Another potential buyer is former Sunday Telegraph editor Charles Moore, who is reported to be putting together a venture capital-backed bid for the group. It is not known which venture capital firm is backing Moore, but a number are thought to be interested.
According to the Observer, Fayed is rounding up a group of senior newspaper executives to put together an offer for the business, which comprises the Daily and Sunday Telegraph and the Spectator magazine.
Fayed has contacted investment bank Lazard, which is looking at possible options for Hollinger. He is also understood to have sounded out Express Newspapers proprietor Richard Desmond, another bidder for the Telegraph Group, about his offer.
Desmond and Hollinger jointly own West Ferry Printing, where the Daily and Sunday Telegraph are printed. Desmond has first refusal on Hollinger's stake in the plant if it is sold and he hopes this will put off other bidders.
The Harrods and Fulham FC owner has approached Desmond about a proposal to continue printing the Telegraph titles at West Ferry if he were to buy the papers.
Last week, Daily Mail & General Trust, publisher of Express Newspapers arch rival the Daily Mail confirmed it had appointed Merrill Lynch to advise it on a potential bid for the group, which is expected to be priced at £400m.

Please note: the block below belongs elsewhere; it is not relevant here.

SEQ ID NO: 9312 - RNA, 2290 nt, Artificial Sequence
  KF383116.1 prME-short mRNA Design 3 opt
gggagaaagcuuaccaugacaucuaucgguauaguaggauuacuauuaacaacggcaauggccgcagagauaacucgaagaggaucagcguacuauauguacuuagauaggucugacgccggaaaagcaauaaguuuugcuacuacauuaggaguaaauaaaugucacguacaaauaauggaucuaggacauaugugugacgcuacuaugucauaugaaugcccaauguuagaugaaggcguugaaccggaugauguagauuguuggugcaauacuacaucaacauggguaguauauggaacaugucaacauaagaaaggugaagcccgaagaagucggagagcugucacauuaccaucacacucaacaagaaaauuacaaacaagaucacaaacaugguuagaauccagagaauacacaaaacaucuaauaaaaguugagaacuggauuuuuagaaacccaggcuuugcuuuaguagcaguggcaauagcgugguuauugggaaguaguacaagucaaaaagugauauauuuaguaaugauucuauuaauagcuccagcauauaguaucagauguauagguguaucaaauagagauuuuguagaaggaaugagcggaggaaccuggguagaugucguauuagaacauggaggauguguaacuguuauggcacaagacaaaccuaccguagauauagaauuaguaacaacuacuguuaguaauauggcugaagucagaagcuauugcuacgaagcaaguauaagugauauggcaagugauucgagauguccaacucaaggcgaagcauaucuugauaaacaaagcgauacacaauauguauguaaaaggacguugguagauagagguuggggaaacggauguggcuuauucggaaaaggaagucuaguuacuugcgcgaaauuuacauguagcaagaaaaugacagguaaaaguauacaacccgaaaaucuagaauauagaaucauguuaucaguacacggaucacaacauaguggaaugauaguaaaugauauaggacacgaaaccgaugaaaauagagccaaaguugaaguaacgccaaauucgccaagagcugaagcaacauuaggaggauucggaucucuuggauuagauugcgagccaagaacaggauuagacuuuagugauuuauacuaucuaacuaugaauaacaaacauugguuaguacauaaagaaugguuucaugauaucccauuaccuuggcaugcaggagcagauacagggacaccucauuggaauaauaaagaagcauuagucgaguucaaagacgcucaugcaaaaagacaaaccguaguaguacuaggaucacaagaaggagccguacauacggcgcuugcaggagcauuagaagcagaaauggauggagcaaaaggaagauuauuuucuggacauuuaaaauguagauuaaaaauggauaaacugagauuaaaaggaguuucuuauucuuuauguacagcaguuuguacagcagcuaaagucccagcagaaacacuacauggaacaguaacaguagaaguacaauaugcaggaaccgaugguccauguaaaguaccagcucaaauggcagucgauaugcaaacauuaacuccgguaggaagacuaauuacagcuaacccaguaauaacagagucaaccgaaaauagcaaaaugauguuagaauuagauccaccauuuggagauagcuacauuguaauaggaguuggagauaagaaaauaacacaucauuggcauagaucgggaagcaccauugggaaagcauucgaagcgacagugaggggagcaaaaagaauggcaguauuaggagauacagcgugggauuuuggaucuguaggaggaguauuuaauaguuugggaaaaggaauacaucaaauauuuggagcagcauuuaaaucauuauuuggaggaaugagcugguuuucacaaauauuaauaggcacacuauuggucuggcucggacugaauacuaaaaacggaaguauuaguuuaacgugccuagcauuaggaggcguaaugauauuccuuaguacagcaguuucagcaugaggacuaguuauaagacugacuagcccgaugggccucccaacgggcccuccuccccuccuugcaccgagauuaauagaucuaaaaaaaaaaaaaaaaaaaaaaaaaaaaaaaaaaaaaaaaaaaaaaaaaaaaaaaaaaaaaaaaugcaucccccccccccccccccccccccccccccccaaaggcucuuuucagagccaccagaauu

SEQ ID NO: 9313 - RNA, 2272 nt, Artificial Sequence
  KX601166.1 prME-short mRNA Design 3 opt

It also emerged that Spectator chairman, Algy Cluff, is believed to be preparing a management buyout of the magazine from Telegraph Group if it is put up for sale.
Other potential bidders for the Telegraph Group include a number of venture capitalist-backed consortia, former Mirror Group chief executive David Montgomery, outgoing Carlton chairman Michael Green, the Barclay brothers, and former Telegraph Group managing director Stephen Grabiner. Michael Ashcroft, the former Conservative Party treasurer, and US tycoon Nelson Peltz are also seen as potential bidders.
It is still unclear what will happen to Telegraph-parent Hollinger, after being plunged into scandal last month when it was revealed that chairman and chief executive Lord Conrad Black and several other board members had received unauthorised payments totalling $32.15m (£19m). Lord Black personally received $7.2m, which he has promised to pay back.
Investigations into irregular accounting at Hollinger International are now focusing on a part of the unauthorised payments worth £5.5m, paid chiefly to Lord Black and the former CEO David Radler, which arose out of a deal with a wholly owned subsidiary, according to the FT.
Hollinger admitted last month to the payments which had not been authorised by independent directors
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